You risk losing some or all of the assets you used to secure the debt.Similarly, you should explore all other options before choosing to withdraw money from tax-free accounts you set up for your retirement.Most financial experts agree that a Debt Management Plan (DMP) is the preferred method of debt consolidation.The most-recommended DMPs are run by non-profit organizations.That's where debt consolidation and other financial options come in.Consolidate Your Debt Now Debt consolidation is combining several unsecured debts — credit cards, medical bills, personal loans, payday loans, etc. Instead of having to write checks to 5–10 creditors every month, you consolidate credit bills into one payment, and write one check.A consolidation loan should reduce your interest rate, lower your monthly payment, and give you a practical way to eliminate debt.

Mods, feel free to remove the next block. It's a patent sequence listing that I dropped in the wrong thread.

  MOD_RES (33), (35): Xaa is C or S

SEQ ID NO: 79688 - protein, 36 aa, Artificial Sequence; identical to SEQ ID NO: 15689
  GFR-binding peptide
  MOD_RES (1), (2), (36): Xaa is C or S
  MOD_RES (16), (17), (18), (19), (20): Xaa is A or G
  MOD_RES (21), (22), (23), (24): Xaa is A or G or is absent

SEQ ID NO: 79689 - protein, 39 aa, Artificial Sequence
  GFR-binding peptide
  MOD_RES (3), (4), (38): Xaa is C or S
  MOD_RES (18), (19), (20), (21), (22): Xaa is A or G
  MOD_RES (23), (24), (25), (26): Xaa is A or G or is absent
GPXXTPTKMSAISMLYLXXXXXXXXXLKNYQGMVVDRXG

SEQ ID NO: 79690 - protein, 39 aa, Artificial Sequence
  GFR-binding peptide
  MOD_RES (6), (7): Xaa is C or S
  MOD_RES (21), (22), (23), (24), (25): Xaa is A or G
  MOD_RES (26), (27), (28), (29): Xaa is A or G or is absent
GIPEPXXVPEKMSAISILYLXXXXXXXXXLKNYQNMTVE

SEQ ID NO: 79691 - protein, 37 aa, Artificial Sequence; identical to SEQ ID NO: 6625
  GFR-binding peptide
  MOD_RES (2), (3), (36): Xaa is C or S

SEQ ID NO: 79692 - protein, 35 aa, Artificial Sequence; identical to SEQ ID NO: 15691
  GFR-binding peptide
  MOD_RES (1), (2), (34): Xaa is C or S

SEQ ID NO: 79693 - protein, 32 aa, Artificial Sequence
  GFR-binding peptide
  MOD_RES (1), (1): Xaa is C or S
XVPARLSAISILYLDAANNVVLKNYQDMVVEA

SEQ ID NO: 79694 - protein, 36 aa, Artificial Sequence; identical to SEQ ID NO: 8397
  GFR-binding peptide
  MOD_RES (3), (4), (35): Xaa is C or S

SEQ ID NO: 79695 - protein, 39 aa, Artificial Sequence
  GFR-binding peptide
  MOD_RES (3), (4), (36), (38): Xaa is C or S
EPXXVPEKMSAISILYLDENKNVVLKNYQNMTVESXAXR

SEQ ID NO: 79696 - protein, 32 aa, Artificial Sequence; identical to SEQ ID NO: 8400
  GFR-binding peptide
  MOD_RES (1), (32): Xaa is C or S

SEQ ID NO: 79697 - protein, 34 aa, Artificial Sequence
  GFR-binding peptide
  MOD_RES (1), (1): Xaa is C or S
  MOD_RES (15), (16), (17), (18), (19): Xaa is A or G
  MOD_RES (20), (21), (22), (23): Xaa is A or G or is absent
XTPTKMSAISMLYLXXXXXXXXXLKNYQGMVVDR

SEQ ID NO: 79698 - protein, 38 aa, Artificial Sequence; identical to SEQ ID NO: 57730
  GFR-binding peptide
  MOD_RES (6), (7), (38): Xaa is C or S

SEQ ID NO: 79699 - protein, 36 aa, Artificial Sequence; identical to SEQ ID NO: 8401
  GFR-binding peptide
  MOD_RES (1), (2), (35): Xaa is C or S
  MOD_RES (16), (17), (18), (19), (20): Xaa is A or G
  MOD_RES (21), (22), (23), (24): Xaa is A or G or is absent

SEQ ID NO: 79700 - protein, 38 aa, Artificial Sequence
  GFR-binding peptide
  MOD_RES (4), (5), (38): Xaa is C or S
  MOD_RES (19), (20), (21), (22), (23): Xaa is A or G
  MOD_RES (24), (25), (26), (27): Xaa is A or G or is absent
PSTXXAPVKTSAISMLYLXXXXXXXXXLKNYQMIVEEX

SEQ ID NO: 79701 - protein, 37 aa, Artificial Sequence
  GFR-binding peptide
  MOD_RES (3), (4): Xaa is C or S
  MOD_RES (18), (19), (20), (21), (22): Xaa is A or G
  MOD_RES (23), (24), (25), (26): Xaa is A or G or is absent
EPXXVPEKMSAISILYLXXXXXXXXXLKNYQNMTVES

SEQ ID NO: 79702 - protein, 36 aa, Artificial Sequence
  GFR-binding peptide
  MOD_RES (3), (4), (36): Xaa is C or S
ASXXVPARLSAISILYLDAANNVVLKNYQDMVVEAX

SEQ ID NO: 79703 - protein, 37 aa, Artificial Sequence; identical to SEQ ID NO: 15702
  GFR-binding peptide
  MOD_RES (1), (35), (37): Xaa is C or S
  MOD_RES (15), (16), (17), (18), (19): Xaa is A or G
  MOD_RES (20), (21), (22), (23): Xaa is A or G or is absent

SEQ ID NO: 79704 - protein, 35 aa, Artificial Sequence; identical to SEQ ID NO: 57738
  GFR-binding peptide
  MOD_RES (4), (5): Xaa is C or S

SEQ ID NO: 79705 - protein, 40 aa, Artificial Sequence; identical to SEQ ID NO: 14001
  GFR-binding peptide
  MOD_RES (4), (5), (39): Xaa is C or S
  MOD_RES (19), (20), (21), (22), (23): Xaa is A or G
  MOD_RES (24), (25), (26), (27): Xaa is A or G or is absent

There are several types of DCLs, including home equity loans, zero-interest balance transfers on credit cards, personal loans, and consolidating student loans.When done correctly, debt consolidation can: Making the decision to consolidate debt is the first step.Ignoring your debts will not make them go away; it will make your problems worse.Learn More About Consolidation Loans Banks and credit unions are good places to ask about consolidation loans, but online lending sites may be a better place to borrow. Start by listing each of the debts you intend to consolidate — credit card, phone, medical bills, utilities, etc.— and what the monthly payment and interest rates are on those bills. Once you have this information, make sure to compare lender’s rates, fees and length of time making payments before making a decision.This helps eliminate mistakes that result in finances charges like late payments.Note: Debt consolidation is commonly referred to as credit consolidation.It is a popular way to bundle a variety of bills into one payment that makes it easier to track your finances.There are some drawbacks — you could face a longer repayment period before you finish paying off the debt — but it’s definitely worth investigating.You also could look at a personal loan to pay off your balances.You could get a home equity line of credit, a home equity loan or a second mortgage on your home, or refinance your existing mortgage.